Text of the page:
In this bonus episode, Lisa and Rich catch-up with the Huston-Tillotson Jazz Collective after their performance at ACL. They share how Huston-Tillotson has cultivated a space that makes them feel at home, what playing jazz means to them, and what inspires them.
More details emerge about the horrific conditions faced by youths locked up in Texas’ juvenile justice facilities. Locked in a cell 22 hours per day with no place to use the restroom… That’s how some of the kids in Texas’ youth detention system spend their weekends, thanks to short staffing at the facilities. We’ll learn more about what’s being done to fix it. Plus an offensive by the Ukrainian military found Russian troops on the back foot. What’s it mean for the future of the war? Also on today’s show we’ll learn about two kinds of butterflies, health insurance for Texas musicians and the evolution of the copyright. All of that and more today on the Texas Standard:
We talk to musicians about what’s changed for them at this stage of the pandemic. You’ll learn what they’re doing differently creatively and with their businesses and how they’re feeling overall about the constantly changing Austin music landscape.
In this episode you’ll hear from
A partial win for the Trump administration’s new rule for asylum is affecting thousands of people on the other side of the Texas Mexico divide. We’ll take a look at whats happening. Other stories we’re covering: a ransomware attack paralyses 23 government computer systems statewide. Could it have been prevented? One expert says absolutely. Also, a man set to be executed by Texas this week. It’s his sixth scheduled execution date. Why questions about his actual innocence have haunted the courts for almost two decades. Those stories and a whole lot more today on the Texas Standard:
Retired Texas teachers say they feel let down by a vote that could mean lower pension checks. We’ll explore the impact and the next steps. Also a multi-million dollar settlement involving a Houston-area refinery accused of doing too much polluting. We’ll look at the legal moves that made it happen. Plus, the story of a small town principal jailed for murder and the questionable evidence that put him there. And when wildfires pop up across Texas it’s often volunteer firefighters that are there first to put out the flames. We’ll look at why many volunteer departments are struggling. And keep an eye on your cacti. The insects that could destroy your xeriscape, yuck up your yucca and obliterate your agave. All of that and so much more today on the Texas Standard:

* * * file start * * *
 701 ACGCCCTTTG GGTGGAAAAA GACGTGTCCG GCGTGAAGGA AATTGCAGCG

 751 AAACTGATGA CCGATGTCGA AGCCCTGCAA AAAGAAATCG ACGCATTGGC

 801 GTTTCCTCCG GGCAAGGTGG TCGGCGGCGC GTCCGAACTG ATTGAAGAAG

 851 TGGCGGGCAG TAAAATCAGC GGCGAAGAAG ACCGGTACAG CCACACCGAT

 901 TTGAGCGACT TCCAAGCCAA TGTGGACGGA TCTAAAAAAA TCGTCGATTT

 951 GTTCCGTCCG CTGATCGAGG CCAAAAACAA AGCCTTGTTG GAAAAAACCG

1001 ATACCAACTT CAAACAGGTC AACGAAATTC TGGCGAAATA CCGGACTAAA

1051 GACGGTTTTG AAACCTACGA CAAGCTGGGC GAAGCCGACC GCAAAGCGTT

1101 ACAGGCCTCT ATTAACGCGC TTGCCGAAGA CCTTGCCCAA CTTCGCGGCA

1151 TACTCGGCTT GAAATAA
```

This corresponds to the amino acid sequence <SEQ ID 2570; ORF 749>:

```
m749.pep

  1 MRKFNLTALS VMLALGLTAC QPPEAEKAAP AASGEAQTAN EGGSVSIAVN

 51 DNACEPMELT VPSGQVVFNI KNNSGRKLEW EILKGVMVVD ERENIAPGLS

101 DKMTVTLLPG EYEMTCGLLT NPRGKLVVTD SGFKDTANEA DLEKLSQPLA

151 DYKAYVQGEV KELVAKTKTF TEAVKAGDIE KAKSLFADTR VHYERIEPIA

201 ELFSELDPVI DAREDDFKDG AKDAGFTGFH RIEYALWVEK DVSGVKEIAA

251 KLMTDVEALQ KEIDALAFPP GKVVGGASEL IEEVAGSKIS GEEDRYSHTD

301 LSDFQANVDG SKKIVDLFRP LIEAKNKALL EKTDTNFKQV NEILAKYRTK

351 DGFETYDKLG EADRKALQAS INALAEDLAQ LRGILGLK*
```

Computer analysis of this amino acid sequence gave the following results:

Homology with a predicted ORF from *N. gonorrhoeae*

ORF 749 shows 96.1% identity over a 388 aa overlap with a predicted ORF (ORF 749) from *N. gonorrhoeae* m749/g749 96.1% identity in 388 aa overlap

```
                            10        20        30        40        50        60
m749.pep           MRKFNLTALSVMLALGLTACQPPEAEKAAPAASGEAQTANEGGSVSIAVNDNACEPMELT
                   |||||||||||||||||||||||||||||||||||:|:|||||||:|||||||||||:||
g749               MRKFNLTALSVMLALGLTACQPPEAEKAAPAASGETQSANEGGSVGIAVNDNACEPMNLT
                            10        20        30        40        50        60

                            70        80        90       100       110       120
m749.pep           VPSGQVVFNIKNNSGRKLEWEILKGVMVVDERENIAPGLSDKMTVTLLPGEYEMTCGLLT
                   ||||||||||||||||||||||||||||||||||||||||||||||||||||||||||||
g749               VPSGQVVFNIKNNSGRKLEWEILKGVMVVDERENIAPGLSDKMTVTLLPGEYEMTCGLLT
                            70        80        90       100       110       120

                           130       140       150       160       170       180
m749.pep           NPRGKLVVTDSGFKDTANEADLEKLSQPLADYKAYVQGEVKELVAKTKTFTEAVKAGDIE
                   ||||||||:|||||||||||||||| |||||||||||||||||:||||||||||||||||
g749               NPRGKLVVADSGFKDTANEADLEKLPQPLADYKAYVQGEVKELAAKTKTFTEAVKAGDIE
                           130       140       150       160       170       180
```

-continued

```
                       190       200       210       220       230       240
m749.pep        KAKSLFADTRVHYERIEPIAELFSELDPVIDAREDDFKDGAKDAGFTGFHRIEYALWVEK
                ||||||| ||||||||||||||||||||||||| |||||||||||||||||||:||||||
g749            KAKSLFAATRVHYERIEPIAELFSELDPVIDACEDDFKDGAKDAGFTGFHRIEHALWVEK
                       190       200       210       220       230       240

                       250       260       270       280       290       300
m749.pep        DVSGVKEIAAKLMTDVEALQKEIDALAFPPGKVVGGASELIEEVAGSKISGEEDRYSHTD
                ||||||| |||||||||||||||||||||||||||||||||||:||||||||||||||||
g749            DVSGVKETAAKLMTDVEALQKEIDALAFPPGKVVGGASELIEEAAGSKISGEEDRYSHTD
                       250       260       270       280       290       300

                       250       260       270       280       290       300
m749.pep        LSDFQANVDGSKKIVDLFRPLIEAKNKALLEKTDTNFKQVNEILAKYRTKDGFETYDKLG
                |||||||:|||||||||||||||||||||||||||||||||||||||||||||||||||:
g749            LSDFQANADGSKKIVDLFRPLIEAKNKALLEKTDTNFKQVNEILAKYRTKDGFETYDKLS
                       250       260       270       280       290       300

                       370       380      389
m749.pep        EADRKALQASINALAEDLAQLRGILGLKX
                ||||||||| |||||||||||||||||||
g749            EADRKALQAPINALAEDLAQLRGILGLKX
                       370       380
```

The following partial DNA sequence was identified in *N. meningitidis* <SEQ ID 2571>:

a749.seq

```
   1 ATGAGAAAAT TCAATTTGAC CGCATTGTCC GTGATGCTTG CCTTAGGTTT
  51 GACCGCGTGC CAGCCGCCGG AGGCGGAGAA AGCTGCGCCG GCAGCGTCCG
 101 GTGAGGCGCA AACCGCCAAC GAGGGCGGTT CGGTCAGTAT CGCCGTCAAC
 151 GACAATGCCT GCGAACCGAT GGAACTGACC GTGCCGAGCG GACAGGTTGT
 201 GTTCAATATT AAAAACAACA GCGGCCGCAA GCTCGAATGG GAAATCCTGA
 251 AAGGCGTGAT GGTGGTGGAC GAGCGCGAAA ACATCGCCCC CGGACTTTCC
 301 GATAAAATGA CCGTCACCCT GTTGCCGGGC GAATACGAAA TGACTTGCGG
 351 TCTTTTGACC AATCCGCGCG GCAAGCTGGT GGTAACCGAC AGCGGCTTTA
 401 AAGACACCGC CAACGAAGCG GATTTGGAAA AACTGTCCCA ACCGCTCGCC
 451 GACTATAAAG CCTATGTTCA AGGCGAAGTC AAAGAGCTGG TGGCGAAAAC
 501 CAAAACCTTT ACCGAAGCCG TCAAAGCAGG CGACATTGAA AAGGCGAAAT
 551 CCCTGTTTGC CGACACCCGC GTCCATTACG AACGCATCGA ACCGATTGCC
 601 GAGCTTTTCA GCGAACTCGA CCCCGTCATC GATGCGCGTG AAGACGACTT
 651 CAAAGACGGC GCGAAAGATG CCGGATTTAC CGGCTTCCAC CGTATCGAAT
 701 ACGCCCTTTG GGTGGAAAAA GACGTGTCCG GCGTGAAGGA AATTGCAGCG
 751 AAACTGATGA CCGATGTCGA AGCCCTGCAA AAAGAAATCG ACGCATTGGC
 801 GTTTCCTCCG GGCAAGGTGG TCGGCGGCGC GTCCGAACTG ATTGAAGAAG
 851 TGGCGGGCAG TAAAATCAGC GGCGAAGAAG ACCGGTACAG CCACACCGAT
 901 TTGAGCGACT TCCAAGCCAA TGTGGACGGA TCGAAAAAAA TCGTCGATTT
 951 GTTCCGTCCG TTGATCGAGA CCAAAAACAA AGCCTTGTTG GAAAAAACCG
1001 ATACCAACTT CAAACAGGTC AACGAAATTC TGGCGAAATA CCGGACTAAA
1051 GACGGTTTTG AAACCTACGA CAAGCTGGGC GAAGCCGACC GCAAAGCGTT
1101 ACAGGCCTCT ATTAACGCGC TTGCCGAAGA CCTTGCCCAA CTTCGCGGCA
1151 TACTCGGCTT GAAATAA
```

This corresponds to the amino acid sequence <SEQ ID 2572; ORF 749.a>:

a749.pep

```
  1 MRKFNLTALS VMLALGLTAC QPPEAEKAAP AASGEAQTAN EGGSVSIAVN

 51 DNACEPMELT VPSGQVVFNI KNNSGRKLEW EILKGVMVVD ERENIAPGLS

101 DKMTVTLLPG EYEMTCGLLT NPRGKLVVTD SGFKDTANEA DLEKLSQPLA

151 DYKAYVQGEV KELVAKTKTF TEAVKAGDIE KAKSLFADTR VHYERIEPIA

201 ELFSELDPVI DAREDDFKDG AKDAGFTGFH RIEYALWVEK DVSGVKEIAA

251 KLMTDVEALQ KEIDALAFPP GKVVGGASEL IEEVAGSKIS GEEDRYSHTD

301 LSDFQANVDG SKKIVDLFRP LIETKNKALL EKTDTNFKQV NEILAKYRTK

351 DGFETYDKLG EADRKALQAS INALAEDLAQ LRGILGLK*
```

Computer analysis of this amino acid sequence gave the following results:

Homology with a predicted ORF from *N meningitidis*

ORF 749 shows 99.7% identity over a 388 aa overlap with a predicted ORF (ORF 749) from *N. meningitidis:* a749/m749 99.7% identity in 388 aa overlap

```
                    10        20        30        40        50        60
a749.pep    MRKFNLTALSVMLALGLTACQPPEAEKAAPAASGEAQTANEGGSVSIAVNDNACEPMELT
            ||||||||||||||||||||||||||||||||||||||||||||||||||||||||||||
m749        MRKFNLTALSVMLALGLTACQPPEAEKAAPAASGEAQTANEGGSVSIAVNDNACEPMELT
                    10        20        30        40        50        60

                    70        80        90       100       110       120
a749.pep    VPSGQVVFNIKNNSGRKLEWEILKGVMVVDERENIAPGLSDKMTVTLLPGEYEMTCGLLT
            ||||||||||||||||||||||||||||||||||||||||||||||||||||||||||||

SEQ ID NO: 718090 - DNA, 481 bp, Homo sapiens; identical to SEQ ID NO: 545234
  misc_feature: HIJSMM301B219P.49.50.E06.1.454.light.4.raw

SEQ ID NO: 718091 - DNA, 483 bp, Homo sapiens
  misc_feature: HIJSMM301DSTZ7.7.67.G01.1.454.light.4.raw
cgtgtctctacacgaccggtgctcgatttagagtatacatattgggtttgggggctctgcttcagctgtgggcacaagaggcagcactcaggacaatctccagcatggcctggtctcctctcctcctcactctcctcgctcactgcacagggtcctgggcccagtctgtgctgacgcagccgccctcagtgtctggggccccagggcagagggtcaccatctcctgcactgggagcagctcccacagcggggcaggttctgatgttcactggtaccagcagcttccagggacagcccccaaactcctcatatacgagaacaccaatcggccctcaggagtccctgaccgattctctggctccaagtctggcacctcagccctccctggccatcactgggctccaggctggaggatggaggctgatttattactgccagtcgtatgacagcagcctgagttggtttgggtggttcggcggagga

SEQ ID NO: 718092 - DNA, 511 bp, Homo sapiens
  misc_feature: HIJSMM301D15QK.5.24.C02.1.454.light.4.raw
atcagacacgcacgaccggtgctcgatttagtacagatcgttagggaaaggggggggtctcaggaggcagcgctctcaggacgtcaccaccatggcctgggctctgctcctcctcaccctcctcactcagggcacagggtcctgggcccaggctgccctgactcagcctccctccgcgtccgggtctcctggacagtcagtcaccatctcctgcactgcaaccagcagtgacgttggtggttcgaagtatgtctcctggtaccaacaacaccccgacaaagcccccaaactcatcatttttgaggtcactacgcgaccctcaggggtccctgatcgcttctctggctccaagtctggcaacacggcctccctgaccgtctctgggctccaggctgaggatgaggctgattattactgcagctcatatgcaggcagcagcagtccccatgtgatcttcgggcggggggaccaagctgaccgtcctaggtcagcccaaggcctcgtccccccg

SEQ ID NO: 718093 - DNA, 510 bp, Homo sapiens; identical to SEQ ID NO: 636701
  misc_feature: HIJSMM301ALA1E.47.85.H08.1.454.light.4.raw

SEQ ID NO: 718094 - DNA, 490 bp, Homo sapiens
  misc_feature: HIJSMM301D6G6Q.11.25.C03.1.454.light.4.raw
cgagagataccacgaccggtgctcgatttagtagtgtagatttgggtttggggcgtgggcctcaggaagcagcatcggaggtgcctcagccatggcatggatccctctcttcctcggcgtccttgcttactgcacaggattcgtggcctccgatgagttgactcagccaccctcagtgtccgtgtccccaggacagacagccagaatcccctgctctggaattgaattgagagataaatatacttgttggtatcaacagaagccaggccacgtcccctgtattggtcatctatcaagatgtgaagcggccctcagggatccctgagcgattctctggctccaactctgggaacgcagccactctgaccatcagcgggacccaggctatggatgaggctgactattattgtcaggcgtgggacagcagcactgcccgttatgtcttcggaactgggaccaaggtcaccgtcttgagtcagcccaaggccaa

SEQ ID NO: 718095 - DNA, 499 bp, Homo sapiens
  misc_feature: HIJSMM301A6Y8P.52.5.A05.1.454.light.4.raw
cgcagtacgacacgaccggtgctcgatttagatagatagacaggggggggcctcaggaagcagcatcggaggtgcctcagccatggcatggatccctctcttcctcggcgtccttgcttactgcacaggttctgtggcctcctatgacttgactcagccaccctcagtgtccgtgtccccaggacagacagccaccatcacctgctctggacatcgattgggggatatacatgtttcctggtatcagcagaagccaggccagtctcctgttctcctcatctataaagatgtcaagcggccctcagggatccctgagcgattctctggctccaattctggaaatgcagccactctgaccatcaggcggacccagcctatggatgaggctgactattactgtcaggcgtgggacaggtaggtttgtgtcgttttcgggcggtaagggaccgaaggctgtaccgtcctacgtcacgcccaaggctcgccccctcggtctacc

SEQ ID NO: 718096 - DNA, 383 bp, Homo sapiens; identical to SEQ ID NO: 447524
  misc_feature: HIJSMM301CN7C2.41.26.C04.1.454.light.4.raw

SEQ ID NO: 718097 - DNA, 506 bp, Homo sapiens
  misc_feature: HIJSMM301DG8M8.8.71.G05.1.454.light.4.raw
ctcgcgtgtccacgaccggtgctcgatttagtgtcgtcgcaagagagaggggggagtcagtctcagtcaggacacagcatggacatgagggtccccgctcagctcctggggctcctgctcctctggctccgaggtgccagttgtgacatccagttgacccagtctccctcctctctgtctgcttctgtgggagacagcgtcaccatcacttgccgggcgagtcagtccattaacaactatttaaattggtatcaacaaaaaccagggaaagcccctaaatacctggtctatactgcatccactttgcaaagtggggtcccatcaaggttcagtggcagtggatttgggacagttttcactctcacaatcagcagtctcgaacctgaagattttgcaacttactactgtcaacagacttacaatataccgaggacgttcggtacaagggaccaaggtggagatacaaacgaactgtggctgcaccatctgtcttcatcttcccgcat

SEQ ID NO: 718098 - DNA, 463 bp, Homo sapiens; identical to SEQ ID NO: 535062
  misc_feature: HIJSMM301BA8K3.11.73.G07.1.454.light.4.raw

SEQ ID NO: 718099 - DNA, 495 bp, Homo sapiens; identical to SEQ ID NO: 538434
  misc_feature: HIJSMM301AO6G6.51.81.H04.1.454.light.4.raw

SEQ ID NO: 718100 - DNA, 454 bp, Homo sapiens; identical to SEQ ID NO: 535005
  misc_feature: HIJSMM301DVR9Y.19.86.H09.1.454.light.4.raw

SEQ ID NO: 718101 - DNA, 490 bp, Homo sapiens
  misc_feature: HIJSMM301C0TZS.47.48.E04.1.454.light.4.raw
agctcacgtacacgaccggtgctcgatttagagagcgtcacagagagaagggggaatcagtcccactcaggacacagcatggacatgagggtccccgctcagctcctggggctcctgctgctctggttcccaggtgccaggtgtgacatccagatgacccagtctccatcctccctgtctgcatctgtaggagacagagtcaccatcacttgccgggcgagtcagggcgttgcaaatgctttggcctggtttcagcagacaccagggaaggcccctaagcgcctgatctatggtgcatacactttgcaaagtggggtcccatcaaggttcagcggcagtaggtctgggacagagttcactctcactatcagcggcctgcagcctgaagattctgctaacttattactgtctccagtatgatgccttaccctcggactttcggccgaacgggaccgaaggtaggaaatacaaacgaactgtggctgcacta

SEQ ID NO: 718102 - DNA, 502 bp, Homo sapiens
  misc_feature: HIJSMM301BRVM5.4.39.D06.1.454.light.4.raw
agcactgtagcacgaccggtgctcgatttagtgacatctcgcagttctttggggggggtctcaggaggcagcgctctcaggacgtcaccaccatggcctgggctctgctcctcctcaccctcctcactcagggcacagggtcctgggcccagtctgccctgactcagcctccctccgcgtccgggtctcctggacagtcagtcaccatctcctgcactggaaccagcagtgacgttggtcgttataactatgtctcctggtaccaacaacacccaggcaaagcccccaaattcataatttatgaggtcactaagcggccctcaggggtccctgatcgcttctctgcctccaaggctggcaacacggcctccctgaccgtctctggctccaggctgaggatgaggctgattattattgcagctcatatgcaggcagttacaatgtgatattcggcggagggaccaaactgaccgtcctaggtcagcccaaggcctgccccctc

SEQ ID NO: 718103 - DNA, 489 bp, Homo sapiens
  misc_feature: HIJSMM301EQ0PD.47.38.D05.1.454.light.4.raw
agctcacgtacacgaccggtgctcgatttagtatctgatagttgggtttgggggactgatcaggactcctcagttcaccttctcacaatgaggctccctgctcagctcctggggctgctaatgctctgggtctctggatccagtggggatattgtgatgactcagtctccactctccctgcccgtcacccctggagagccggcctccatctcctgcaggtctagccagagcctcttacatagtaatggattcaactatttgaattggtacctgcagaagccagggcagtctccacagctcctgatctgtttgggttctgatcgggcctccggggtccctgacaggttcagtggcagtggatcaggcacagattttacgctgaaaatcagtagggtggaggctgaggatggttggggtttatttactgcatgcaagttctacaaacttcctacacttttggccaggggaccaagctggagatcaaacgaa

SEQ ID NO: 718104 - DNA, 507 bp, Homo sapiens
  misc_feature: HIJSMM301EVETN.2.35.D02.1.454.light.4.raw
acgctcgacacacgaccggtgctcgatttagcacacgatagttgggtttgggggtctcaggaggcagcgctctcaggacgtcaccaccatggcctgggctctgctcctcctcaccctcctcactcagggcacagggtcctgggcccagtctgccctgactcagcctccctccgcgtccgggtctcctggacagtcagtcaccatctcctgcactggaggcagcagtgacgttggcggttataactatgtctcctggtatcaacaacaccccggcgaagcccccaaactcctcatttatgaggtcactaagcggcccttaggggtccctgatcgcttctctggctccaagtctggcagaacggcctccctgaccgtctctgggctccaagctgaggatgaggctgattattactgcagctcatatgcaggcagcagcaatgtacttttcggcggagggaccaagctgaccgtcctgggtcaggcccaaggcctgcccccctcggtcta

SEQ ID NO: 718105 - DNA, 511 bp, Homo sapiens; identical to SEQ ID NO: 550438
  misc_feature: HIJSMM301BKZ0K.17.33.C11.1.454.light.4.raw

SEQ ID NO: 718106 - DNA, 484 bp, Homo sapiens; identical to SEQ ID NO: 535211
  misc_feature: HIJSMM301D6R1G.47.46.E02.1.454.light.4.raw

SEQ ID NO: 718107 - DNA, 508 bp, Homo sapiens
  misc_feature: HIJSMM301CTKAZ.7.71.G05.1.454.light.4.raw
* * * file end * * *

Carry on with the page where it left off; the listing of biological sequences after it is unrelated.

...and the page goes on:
The economic impact of Texas music amounts to $3.6 billion a year. But with global changes to the industry, is Texas music still hitting the mark? Though the Lone Star State may not have the publishing houses or the recording companies of the two coasts, the artist roster has long been tough to top. And: Though some claim to be able to sing you the story of Texas music by heart, a new manifesto claims the so-called experts don’t know the half of it. Today veteran journalists Andy Langer, Michael Hall and Katy Vine of Texas Monthly join us for a review of the state of the art and its future. Our special music edition of the Texas Standard.
This Song — Mojo Nixon, Kat Edmonson, Aaron Behrens
Welcome to the first ever “This Song” podcast! This week we have three amazing artists!
Mojo Nixon: The rock musician, DJ, lover of Elvis and natural born iconoclast talks about why “Sweet Soul Music” by Arthur Conley is the song that still makes him feel like an exuberant 10-year-old.
Kat Edmonson: Fresh off the release of her new record “The Big Picture,” the former Austinite talks about how Henry Mancini’s “Peter Gunn” inspired her recording of “Rainy Day Woman.”
Aaron Behrens: The former Ghostland Observatory singer has struck out his own with Aaron Behrens and the Midnight Stroll He talks about how when he was a kid, Curtis Mayfield’s “We People Darker Than Blue” from the Dead Presidents Volume 2 soundtrack opened his eyes to the possibilities of music.
Our intro and outro music is “Mahout” from the local Austin band Hardproof Afrobeat.